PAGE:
(Reuters) - Activist hedge fund Starboard Value LP said on Tuesday four of its nominees to Newell Brands Inc’s board withdrew, a day after the consumer products maker handed board seats to billionaire investor Carl Icahn.
Starboard, the $8 billion hedge fund run by Jeffrey Smith, lined up three former Newell board members and others to run for board seats with the aim of pushing Newell management to improve operations and sell assets.
The fund wanted to replace 12 directors, including Chief Executive Officer Michael Polk, arguing that the maker of Sharpie markers, Rubbermaid containers and Elmer’s glue had underperformed its peers and mismanaged a 2016 acquisition of Jarden Corp.
Icahn, who bought shares for weeks, received board seats from the company on Monday after having disclosed his 6.86 percent stake on Friday. He has been in touch with the Newell CEO for weeks and said his views on company strategy were aligned with those of Newell.
New Jersey-based Newell has said Starboard has not presented any substantial plans to boost shareholder value. It declined to comment on Tuesday. Starboard also declined to comment.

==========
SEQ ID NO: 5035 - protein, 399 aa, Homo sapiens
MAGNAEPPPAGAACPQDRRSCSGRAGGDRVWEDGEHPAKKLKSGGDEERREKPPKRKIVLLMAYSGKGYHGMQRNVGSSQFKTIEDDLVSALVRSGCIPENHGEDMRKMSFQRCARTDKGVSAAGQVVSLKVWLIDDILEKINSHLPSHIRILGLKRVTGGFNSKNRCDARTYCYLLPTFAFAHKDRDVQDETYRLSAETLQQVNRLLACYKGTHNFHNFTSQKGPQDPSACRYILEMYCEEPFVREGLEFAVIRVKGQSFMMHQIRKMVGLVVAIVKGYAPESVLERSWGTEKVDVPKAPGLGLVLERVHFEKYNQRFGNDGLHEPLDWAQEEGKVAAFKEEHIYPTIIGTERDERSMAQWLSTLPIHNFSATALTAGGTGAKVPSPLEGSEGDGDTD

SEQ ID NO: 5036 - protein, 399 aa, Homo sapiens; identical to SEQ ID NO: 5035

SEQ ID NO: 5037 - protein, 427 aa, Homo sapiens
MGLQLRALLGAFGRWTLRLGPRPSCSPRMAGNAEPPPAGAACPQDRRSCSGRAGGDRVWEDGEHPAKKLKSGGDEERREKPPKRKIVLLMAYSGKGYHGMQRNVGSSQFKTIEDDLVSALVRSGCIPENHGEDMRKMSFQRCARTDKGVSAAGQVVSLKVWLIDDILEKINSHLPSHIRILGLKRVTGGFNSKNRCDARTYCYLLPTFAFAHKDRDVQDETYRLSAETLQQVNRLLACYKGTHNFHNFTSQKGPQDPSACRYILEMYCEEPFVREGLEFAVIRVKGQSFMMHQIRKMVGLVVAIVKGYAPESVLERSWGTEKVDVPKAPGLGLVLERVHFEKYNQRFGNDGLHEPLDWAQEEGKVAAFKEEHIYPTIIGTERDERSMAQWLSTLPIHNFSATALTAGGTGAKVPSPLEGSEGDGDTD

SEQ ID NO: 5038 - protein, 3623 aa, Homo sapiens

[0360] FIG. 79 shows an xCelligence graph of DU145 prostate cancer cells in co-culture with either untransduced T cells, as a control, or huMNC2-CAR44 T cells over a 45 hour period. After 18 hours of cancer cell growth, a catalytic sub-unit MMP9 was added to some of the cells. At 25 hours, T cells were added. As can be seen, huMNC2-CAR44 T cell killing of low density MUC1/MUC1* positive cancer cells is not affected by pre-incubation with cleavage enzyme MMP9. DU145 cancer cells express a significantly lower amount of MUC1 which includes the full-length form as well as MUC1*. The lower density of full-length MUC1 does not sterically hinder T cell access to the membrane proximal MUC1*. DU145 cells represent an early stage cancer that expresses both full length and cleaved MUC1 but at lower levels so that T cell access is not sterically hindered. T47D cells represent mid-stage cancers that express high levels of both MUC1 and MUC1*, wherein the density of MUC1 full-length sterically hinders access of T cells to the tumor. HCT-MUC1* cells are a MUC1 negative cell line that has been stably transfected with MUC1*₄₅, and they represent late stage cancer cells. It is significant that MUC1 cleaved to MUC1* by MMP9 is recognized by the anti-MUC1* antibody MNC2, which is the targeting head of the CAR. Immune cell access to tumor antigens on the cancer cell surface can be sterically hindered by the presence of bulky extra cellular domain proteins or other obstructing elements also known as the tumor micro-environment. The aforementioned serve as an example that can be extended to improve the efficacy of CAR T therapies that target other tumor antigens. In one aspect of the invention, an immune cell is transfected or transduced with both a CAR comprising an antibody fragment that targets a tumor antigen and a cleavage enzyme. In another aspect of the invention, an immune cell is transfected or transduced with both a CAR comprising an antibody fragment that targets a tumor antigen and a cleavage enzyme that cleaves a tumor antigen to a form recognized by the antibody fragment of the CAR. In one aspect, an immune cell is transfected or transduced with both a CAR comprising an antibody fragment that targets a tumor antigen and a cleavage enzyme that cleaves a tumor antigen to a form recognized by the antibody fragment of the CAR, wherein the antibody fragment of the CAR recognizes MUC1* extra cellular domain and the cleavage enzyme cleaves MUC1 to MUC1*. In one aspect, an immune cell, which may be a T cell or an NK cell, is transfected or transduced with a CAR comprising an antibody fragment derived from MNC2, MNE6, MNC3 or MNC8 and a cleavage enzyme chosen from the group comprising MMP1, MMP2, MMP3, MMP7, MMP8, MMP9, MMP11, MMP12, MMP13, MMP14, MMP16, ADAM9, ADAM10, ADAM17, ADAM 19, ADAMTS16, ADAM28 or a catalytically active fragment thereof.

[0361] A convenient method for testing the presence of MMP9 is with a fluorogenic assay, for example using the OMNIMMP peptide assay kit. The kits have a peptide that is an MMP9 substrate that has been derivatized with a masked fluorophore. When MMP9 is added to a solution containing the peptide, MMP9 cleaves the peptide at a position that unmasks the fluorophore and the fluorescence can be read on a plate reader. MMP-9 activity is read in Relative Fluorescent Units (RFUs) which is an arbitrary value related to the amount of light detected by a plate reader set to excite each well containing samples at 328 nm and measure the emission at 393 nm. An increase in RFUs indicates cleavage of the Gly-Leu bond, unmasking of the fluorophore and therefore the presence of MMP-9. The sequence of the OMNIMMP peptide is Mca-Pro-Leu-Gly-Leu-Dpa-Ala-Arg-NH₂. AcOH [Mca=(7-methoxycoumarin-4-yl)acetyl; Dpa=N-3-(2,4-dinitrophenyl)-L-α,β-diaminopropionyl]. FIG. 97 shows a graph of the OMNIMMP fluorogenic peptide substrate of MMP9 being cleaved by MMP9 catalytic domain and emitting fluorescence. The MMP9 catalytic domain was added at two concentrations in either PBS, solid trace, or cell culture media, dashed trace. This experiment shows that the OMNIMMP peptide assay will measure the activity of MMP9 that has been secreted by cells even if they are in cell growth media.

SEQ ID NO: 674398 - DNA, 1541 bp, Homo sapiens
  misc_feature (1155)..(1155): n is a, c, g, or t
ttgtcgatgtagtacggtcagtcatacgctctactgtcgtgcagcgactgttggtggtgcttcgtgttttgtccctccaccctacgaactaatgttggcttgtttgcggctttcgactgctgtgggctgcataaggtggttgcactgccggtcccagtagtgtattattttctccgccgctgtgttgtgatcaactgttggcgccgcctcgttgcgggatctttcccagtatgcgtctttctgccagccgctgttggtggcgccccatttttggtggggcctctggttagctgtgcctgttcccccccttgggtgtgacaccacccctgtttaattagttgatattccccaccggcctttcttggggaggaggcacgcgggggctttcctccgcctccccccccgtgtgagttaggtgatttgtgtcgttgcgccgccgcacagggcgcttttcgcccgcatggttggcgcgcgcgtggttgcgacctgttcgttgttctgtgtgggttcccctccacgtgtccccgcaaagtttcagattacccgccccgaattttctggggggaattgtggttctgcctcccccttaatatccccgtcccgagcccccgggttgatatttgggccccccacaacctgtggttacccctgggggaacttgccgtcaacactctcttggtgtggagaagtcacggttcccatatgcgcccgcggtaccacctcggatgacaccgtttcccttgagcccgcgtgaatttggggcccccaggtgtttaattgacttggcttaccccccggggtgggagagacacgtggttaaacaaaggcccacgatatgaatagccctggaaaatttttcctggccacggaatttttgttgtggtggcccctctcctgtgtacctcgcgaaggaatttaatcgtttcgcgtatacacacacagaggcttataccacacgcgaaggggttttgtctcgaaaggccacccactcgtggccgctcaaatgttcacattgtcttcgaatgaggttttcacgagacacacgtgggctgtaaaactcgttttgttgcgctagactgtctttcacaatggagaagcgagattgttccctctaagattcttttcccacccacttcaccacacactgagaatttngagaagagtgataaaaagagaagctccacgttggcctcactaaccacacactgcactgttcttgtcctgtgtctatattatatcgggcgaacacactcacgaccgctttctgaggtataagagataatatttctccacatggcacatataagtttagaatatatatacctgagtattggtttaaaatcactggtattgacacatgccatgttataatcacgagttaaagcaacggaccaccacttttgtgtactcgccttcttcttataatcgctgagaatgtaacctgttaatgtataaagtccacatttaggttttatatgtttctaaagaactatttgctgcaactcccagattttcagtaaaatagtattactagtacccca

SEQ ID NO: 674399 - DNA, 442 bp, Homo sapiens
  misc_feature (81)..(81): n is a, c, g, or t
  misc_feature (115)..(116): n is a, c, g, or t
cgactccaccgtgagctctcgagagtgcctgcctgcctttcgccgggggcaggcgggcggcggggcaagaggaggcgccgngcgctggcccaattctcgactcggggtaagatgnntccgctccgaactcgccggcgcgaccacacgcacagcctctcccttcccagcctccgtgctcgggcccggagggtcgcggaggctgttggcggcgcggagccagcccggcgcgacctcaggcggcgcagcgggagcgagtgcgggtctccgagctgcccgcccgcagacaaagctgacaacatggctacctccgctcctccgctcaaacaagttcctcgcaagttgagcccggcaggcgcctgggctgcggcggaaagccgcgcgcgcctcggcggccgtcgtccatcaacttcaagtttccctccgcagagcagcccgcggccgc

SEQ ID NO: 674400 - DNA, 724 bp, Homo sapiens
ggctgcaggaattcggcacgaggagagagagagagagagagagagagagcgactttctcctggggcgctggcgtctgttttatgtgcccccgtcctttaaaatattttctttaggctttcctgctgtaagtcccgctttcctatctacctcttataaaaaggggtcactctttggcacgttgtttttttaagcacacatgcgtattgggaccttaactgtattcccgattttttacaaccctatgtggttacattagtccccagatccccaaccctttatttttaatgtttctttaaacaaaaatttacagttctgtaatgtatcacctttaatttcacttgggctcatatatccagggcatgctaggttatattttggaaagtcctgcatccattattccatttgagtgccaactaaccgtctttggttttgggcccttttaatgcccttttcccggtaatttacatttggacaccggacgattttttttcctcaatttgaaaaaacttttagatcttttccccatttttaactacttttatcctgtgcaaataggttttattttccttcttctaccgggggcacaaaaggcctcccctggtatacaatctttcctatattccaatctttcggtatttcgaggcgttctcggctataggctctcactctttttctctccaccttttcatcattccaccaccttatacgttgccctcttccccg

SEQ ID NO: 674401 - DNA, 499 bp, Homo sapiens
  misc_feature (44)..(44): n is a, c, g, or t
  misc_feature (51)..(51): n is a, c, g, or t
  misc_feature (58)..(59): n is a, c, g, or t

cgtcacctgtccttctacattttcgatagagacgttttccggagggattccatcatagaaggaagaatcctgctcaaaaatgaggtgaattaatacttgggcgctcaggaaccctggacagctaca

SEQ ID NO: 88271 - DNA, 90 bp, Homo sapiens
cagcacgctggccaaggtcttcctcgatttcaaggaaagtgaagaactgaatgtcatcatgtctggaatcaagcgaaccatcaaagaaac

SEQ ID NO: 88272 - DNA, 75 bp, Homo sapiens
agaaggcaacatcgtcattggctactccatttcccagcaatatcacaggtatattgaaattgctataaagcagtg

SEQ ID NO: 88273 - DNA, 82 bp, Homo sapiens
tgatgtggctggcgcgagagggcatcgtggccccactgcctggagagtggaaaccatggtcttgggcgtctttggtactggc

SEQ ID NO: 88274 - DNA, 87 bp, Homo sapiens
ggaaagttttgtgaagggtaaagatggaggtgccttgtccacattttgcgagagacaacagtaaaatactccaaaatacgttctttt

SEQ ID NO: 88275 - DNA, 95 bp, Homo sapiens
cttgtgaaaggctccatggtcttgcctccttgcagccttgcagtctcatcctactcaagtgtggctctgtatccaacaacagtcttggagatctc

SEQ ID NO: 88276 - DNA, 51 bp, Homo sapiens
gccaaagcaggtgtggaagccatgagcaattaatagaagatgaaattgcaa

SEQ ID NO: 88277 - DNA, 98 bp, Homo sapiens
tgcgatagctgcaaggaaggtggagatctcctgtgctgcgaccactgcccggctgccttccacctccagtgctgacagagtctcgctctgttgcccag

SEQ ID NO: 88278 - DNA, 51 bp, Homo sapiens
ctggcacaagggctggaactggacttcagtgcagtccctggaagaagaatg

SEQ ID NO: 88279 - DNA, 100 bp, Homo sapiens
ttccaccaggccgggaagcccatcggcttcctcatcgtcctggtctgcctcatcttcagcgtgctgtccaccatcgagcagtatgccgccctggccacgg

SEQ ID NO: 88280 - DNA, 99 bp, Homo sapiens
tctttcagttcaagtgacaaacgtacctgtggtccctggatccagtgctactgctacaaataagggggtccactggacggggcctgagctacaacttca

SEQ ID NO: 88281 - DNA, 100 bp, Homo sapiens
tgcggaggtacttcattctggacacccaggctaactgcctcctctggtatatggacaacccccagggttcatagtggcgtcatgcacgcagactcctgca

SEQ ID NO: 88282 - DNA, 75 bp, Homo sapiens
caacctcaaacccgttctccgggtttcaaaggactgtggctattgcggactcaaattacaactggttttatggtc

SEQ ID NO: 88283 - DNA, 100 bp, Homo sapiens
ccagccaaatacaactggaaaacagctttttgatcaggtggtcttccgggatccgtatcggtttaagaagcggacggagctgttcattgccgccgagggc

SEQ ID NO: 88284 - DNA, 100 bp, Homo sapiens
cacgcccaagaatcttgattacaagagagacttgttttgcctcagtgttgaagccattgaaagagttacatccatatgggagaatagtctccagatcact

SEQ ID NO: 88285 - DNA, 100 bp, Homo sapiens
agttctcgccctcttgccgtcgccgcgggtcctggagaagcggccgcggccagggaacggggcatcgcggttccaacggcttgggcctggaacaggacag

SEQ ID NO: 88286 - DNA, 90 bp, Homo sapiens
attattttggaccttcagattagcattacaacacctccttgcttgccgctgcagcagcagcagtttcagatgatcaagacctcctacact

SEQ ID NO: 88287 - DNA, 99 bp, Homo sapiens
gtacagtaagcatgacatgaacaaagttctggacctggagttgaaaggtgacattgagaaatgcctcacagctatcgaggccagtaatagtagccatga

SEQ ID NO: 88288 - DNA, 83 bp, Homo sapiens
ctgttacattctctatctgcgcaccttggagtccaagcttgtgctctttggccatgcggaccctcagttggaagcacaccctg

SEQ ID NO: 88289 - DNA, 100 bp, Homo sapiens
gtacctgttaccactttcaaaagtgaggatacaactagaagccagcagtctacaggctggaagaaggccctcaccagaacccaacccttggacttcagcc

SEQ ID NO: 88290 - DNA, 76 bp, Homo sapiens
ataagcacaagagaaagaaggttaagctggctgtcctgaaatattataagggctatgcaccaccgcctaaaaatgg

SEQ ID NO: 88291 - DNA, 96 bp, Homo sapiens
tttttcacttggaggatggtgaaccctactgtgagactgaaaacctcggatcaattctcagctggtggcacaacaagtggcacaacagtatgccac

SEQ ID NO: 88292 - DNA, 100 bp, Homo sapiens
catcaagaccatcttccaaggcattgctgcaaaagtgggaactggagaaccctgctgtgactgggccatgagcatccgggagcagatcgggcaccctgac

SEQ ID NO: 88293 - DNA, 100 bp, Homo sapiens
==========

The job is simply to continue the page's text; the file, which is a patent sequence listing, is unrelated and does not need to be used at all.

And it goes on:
While the hedge fund could run a proxy fight later, it will give Icahn’s directors time to clean up the company, a source familiar with the situation said.
Martin Franklin and Ian Ashken, who co-founded Jarden, and former Jarden executive James Lillie pulled out of Starboard’s slate. Domenico De Sole, who had served on the Newell board along with Franklin and Ashken, also cut ties to the hedge fund.
Franklin told Reuters he wanted to change the attitude within the company and he stepped aside because “we were never interested in getting into a battle between two activists.”
Franklin said he is now focusing on new opportunities which could include buying some of the assets that Newell wants to sell.
“(Starboard is) putting the fight on hold, waiting to see how the company does with Icahn’s people on the board,” said Erik Gordon, a professor at the University of Michigan’s Ross School of Business.
But investors were not entirely happy with the Icahn settlement, analysts said. Newell stock dropped as much as 7 percent on Monday and traded lower on Tuesday. Some said Starboard, which has a solid track record of making operational improvements in addition to pushing for some asset sales, might have helped push change more quickly at Newell.
Starboard owns about 4.5 percent of Newell.
Reporting by Svea Herbst-Bayliss in Boston and Aishwarya Venugopal in Bengaluru; Editing by Sai Sachin Ravikumar and Cynthia Osterman